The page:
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Solo traveller

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In Merida, Mexico I stayed in the home of Miguel, the owner of the Spanish school where I went in the afternoons for lessons, after my voluntary work in the dog shelter. Oscar, who was the programme coordinator, also lived there. My first impression of Oscar was a highly intelligent, borderline autistic individual with strong Mexican features, cool glasses, and longish black hair. He seemed a very friendly and caring guy. The morning after my arrival Oscar was to take me into the city for a quick walking tour. I was somewhat taken aback when he glided down the stairs wearing a full length purple floral dress, glass floral earrings, which dangled past his shoulders, pink hair slides and flip-flops with socks. I completely ignored his surprise attire and we headed out on the bus. However as we wandered around the beautiful city, I was struck time and time again by…

My time in Cuba came to an end last weekend and I headed off to Mexico. Never has any country evoked in me such extreme emotions as Cuba. I had a love/hate relationship with the place. I struggled to comprehend how Cubans could be so warm, friendly and generous when they led such bleak lives. There is no question that Havana is a wondrous city full of colourful colonial buildings which are being painstakingly restored by the government, yet this is a government which cannot afford to feed its people. Havana is equally famous for its gleaming 1950s American cars, yet the reason why they are still in existence is that the importation of American cars has been banned since this time. Cars are wildly expensive, and beyond the reach of most. A 20 year old Merc with 200,000 miles on the clock sells for $100,000 dollars here. Highest paid…

Plane Jayne When I started writing this blog a few years ago I thought ‘How not to have a Midlife Crisis’ was a great title. However now, at the age of 57, it is hard to kid myself, or anyone else, that my desire to head off every year, armed with a case of mosquito repellent, is some form of Midlife anything. The truth is I am beyond midlife (sadly) but I still love travelling. That is why I found myself on Saturday in the departure lounge at Gatwick once again, before catching planes to Madrid and then on to Havana, Cuba. So this is a big Hello from Havana, home of the cigar, rum and Salsa. So far I have seen plenty of all three amongst the crumbling relics of what once was a beautiful city. The people are incredibly friendly and the rum is flowing but don’t come…

Sloth in treeI am pleased to announce that I am still ‘ringworm free’ and have now moved to work in a wild animal rescue centre. This is the most amazing place. Sick and injured animals are brought here by members of the public or the Costa Rican government. Some have been trafficked or injured and others have been kept as pets. The aim is always to release them back into the wild. Sadly this is not always possible. There is a Sloth that fell out of a tree as a baby, and hence requires physio on his back legs every morning, and there is a Capuchin monkey who was tragically kept in a bar and fed on alcohol and cigarettes and is now too domesticated to fend for himself.

The  work here is enormously rewarding, we feed and clean out over 100 animals every day. Although the policy is that we must never touch them, being up close to monkeys, parakeets, sloths, raccoons, lizards, deer and wild pigs feels a real privilege. These residents live in complete luxury and eat the most delicious combinations of fresh fruits and vegetables, which we chop up every morning. I wish the same could be said for the humans…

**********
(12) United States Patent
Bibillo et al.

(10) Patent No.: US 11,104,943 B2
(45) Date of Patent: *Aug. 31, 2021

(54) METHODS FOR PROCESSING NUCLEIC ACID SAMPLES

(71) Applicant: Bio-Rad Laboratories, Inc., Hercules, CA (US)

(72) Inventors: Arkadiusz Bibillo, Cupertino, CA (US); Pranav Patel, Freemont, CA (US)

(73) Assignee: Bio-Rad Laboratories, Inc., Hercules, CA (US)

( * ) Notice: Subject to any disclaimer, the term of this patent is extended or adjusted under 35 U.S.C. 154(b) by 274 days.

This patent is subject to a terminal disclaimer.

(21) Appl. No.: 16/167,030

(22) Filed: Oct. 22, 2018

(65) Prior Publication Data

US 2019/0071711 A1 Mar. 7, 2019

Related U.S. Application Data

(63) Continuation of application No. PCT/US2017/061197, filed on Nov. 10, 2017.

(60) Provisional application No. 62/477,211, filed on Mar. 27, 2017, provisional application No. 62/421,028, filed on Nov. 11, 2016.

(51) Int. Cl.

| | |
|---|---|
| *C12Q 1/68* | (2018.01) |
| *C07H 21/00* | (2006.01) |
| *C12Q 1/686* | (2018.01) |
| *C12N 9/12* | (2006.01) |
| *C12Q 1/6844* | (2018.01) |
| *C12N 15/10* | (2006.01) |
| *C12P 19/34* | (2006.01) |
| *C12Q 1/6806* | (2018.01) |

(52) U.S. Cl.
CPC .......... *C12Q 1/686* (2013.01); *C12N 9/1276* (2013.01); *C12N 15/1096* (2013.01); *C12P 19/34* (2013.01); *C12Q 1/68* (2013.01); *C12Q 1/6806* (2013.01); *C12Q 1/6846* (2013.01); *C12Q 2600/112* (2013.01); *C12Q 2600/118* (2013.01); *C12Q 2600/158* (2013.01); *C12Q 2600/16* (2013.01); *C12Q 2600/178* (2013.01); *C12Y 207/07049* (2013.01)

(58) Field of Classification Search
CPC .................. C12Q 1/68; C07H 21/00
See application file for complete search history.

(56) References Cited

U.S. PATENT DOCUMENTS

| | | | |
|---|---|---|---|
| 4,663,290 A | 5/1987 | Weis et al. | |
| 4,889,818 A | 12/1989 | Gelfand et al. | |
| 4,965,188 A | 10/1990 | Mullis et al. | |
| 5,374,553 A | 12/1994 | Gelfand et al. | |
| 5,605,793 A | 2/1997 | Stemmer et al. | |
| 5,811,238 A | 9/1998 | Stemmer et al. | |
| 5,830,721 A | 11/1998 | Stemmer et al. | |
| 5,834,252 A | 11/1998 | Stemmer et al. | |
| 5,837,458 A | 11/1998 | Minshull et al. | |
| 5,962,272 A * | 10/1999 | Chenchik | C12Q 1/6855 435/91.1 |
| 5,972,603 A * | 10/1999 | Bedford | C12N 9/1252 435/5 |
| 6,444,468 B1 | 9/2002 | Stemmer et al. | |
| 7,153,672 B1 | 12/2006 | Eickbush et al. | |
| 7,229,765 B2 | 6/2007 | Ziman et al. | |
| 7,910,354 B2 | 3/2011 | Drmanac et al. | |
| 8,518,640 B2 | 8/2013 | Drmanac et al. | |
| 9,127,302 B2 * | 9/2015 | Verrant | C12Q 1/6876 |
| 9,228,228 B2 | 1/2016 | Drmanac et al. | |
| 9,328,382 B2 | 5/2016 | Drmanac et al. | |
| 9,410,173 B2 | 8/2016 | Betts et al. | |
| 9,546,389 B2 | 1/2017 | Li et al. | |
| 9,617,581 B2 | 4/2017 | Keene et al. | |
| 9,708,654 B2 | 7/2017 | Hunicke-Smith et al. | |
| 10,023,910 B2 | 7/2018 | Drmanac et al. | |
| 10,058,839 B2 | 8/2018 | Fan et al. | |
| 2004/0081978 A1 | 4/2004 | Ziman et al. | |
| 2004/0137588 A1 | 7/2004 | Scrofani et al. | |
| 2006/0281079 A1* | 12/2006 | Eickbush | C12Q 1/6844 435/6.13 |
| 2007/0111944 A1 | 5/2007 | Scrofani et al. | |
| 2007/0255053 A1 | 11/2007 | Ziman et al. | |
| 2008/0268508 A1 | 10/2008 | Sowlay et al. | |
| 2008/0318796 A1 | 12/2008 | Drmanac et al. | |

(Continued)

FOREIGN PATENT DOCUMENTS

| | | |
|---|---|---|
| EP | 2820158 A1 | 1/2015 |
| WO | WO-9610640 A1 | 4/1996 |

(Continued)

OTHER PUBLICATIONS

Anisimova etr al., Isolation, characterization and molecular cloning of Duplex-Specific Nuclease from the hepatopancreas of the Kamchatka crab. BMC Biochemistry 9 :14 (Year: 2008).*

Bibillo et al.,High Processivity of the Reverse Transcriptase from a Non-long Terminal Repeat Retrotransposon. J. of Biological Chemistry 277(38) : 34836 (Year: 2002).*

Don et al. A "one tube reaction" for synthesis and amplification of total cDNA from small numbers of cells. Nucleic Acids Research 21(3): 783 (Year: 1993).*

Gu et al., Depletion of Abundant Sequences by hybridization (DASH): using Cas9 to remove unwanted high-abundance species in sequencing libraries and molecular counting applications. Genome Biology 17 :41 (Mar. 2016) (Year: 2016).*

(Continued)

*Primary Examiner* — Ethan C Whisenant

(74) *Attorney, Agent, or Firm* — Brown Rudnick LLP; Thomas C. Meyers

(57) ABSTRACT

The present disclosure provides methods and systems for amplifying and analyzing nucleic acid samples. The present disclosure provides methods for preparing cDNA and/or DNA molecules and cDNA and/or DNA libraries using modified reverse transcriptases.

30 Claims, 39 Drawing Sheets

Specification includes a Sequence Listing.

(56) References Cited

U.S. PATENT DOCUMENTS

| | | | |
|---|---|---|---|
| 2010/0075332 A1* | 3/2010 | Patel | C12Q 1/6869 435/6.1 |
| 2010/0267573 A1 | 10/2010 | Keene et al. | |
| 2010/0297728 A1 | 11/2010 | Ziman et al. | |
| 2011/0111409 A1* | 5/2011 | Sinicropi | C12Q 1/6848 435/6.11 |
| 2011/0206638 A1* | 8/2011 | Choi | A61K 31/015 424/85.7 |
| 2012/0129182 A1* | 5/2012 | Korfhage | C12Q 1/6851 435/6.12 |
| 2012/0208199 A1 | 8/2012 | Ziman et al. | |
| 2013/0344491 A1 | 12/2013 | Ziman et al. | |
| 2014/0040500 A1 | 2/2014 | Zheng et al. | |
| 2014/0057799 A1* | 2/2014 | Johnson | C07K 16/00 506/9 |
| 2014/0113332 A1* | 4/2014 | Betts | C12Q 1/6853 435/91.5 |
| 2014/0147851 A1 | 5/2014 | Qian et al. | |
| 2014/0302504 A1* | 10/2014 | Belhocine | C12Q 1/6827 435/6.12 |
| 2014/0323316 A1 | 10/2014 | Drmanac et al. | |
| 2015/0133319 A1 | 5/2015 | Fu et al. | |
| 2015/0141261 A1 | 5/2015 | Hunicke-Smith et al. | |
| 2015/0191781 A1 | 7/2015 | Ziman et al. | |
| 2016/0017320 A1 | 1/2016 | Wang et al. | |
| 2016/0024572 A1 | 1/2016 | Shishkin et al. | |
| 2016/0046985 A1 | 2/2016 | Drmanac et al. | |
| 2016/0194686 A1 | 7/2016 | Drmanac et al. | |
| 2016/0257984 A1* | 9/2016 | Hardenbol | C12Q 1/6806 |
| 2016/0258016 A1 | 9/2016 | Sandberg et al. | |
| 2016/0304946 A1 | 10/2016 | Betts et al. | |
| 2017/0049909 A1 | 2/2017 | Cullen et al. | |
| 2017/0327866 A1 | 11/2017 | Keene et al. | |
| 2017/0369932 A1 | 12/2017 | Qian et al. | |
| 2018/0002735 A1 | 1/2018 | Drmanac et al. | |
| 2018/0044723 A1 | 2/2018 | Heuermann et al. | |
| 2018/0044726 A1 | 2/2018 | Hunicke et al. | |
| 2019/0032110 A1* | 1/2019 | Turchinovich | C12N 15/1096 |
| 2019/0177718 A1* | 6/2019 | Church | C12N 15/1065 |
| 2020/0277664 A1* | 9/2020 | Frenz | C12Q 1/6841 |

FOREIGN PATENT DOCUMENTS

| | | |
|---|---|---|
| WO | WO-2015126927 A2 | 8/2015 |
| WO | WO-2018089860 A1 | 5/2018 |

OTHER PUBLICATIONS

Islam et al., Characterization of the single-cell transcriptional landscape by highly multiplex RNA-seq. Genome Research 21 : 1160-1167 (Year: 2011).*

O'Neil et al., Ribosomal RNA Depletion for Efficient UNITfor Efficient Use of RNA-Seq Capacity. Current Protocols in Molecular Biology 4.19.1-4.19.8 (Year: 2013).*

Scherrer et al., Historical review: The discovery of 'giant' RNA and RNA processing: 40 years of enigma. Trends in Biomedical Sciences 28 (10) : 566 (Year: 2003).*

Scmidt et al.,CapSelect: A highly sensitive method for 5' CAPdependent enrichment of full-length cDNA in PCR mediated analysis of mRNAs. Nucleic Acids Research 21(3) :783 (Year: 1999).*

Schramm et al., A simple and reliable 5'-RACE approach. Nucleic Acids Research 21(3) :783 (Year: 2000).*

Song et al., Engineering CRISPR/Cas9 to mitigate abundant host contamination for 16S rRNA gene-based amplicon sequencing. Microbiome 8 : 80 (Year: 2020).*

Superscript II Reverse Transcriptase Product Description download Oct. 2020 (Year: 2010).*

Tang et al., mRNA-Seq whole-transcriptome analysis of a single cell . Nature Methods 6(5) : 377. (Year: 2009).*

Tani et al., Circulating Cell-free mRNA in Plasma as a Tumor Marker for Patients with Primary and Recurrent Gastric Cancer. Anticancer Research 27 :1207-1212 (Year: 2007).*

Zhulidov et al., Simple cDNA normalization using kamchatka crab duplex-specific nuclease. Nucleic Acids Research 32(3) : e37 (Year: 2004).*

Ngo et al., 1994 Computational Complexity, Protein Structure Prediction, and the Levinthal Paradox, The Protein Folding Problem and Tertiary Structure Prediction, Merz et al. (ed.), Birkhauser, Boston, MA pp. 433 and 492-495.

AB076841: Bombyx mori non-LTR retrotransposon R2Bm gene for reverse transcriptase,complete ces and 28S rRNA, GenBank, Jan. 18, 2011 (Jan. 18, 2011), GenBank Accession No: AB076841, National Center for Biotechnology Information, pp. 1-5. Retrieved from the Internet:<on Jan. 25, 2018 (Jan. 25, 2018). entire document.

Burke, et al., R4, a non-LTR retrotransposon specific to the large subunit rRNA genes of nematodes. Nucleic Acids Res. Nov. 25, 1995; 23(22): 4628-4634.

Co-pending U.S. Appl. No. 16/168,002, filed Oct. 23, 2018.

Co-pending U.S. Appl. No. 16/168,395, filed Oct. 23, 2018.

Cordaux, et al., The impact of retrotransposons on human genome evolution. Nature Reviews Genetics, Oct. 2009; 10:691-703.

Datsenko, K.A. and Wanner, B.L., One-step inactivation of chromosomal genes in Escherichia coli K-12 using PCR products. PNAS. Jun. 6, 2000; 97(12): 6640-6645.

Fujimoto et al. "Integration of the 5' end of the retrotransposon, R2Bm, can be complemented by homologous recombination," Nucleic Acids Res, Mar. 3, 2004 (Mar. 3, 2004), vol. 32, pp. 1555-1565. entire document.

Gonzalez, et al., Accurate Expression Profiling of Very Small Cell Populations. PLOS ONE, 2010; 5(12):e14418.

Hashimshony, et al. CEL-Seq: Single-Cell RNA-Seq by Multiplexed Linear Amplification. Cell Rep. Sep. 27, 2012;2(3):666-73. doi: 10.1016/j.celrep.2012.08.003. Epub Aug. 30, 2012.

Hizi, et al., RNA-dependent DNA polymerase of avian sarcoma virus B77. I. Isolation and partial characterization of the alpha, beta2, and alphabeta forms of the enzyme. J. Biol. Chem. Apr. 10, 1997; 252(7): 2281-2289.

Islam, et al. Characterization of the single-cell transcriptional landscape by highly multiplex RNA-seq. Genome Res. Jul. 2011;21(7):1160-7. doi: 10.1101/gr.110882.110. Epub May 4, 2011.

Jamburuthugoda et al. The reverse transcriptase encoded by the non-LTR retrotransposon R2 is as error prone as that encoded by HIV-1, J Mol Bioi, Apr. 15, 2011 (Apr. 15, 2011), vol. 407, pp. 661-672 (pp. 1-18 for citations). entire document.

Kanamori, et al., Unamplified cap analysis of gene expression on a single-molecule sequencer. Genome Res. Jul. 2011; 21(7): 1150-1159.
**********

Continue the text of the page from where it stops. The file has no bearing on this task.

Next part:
Dog shelter San JoseIt was with a very heavy heart that I left the Galápagos Islands and the wonderful 2 and 4 legged inhabitants I had shared my stay with. 4 boats, 3 planes, 3 taxis, 3 buses and 2 hotels later I arrived in San Jose, the capital of Costa Rica. My route involved a change of planes in war torn El Salvador and I was relieved to note, as we came into land, that the runway was basically  intact and the terminal was functioning.

I have many things on my bucket list but camping on the side of an active volcano isn’t one. However when the opportunity for such a trip arose I knew that I couldn’t say no. One of the group volunteers in the Galápagos National Park office and he had managed to get clearance for the trip, which had never been done before. When I was told I had to submit my passport number so they would know who was missing if the volcano erupted, I thought it was a joke. Sadly it wasn’t. The Sierra Negra volcano erupts usually in October every 2-3 years, and it hadn’t erupted for 3 years. On Friday afternoon our random gang piled into pick-up trucks and headed off into the lush countryside. After a steady climb for an hour the trucks stopped and on the side of the road were 4 horses and 2…

My journey from Ecuador to the Galápagos Islands was far from straightforward. Firstly, I had to catch a plane to the tiny island of Baltra, which is only the length of the runway and the airport terminal. So if a pilot gets it wrong his plane ends up in the Pacific. I was on a big plane so, needless to say, it was a heavy landing following by a deafening screech of brakes and screams from nervous passengers. Once through the tiny terminal, I caught a bus to the edge of the island where a small boat ferried passengers 200m across the sea to the island of Santa Cruz. This should have been a pleasant little crossing, but the majority of the passengers were short, plump Ecuadorian ladies with massive suitcases and even bigger behinds. I had a suffocating 5 minutes squashed between such two senoras and 4 suitcases, on…